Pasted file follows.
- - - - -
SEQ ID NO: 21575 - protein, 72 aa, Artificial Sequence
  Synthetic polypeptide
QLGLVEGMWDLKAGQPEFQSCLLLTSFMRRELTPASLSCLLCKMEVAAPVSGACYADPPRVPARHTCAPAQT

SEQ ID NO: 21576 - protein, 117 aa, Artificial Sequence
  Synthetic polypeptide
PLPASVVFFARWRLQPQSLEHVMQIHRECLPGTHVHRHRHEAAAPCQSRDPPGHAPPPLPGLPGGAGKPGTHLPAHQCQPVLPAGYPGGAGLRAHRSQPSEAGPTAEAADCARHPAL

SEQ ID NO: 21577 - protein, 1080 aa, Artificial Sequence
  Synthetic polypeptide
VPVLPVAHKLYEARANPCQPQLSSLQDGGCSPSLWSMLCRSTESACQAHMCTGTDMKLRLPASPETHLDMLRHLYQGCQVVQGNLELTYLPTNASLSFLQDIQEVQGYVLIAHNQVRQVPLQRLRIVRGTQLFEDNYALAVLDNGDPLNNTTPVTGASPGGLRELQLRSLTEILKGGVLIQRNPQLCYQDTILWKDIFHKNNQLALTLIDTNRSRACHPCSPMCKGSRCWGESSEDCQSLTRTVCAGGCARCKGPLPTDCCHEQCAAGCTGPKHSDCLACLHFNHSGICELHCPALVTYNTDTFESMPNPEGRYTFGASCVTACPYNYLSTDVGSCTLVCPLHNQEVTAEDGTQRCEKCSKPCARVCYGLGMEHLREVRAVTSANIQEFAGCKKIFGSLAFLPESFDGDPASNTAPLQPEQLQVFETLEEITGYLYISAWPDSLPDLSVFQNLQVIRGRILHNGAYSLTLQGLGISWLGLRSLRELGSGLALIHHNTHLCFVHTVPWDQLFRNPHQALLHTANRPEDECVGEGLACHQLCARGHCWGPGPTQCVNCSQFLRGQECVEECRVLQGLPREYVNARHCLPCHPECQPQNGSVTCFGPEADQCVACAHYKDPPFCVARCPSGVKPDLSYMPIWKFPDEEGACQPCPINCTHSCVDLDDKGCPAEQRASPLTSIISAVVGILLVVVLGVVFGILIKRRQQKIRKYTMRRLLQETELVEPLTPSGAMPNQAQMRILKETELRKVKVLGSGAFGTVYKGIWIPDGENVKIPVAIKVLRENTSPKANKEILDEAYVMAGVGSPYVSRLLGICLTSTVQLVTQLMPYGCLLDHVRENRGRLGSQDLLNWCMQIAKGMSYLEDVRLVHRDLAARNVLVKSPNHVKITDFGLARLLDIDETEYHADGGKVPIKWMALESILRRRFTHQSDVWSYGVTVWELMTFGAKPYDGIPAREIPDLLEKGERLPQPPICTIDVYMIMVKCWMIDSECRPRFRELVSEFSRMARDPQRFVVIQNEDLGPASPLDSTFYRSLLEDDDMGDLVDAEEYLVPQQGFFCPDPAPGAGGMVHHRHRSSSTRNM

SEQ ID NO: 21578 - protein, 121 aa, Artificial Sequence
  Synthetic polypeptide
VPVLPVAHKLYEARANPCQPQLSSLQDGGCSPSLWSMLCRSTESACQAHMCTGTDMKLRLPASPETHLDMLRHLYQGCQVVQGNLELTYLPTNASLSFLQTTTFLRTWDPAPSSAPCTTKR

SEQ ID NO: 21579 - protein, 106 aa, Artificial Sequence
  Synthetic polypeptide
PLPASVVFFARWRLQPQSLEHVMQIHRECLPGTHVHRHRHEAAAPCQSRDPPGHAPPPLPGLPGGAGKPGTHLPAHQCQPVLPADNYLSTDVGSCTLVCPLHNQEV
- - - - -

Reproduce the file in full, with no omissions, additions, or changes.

SEQ ID NO: 21575 - protein, 72 aa, Artificial Sequence
  Synthetic polypeptide
QLGLVEGMWDLKAGQPEFQSCLLLTSFMRRELTPASLSCLLCKMEVAAPVSGACYADPPRVPARHTCAPAQT

SEQ ID NO: 21576 - protein, 117 aa, Artificial Sequence
  Synthetic polypeptide
PLPASVVFFARWRLQPQSLEHVMQIHRECLPGTHVHRHRHEAAAPCQSRDPPGHAPPPLPGLPGGAGKPGTHLPAHQCQPVLPAGYPGGAGLRAHRSQPSEAGPTAEAADCARHPAL

SEQ ID NO: 21577 - protein, 1080 aa, Artificial Sequence
  Synthetic polypeptide
VPVLPVAHKLYEARANPCQPQLSSLQDGGCSPSLWSMLCRSTESACQAHMCTGTDMKLRLPASPETHLDMLRHLYQGCQVVQGNLELTYLPTNASLSFLQDIQEVQGYVLIAHNQVRQVPLQRLRIVRGTQLFEDNYALAVLDNGDPLNNTTPVTGASPGGLRELQLRSLTEILKGGVLIQRNPQLCYQDTILWKDIFHKNNQLALTLIDTNRSRACHPCSPMCKGSRCWGESSEDCQSLTRTVCAGGCARCKGPLPTDCCHEQCAAGCTGPKHSDCLACLHFNHSGICELHCPALVTYNTDTFESMPNPEGRYTFGASCVTACPYNYLSTDVGSCTLVCPLHNQEVTAEDGTQRCEKCSKPCARVCYGLGMEHLREVRAVTSANIQEFAGCKKIFGSLAFLPESFDGDPASNTAPLQPEQLQVFETLEEITGYLYISAWPDSLPDLSVFQNLQVIRGRILHNGAYSLTLQGLGISWLGLRSLRELGSGLALIHHNTHLCFVHTVPWDQLFRNPHQALLHTANRPEDECVGEGLACHQLCARGHCWGPGPTQCVNCSQFLRGQECVEECRVLQGLPREYVNARHCLPCHPECQPQNGSVTCFGPEADQCVACAHYKDPPFCVARCPSGVKPDLSYMPIWKFPDEEGACQPCPINCTHSCVDLDDKGCPAEQRASPLTSIISAVVGILLVVVLGVVFGILIKRRQQKIRKYTMRRLLQETELVEPLTPSGAMPNQAQMRILKETELRKVKVLGSGAFGTVYKGIWIPDGENVKIPVAIKVLRENTSPKANKEILDEAYVMAGVGSPYVSRLLGICLTSTVQLVTQLMPYGCLLDHVRENRGRLGSQDLLNWCMQIAKGMSYLEDVRLVHRDLAARNVLVKSPNHVKITDFGLARLLDIDETEYHADGGKVPIKWMALESILRRRFTHQSDVWSYGVTVWELMTFGAKPYDGIPAREIPDLLEKGERLPQPPICTIDVYMIMVKCWMIDSECRPRFRELVSEFSRMARDPQRFVVIQNEDLGPASPLDSTFYRSLLEDDDMGDLVDAEEYLVPQQGFFCPDPAPGAGGMVHHRHRSSSTRNM

SEQ ID NO: 21578 - protein, 121 aa, Artificial Sequence
  Synthetic polypeptide
VPVLPVAHKLYEARANPCQPQLSSLQDGGCSPSLWSMLCRSTESACQAHMCTGTDMKLRLPASPETHLDMLRHLYQGCQVVQGNLELTYLPTNASLSFLQTTTFLRTWDPAPSSAPCTTKR

SEQ ID NO: 21579 - protein, 106 aa, Artificial Sequence
  Synthetic polypeptide
PLPASVVFFARWRLQPQSLEHVMQIHRECLPGTHVHRHRHEAAAPCQSRDPPGHAPPPLPGLPGGAGKPGTHLPAHQCQPVLPADNYLSTDVGSCTLVCPLHNQEV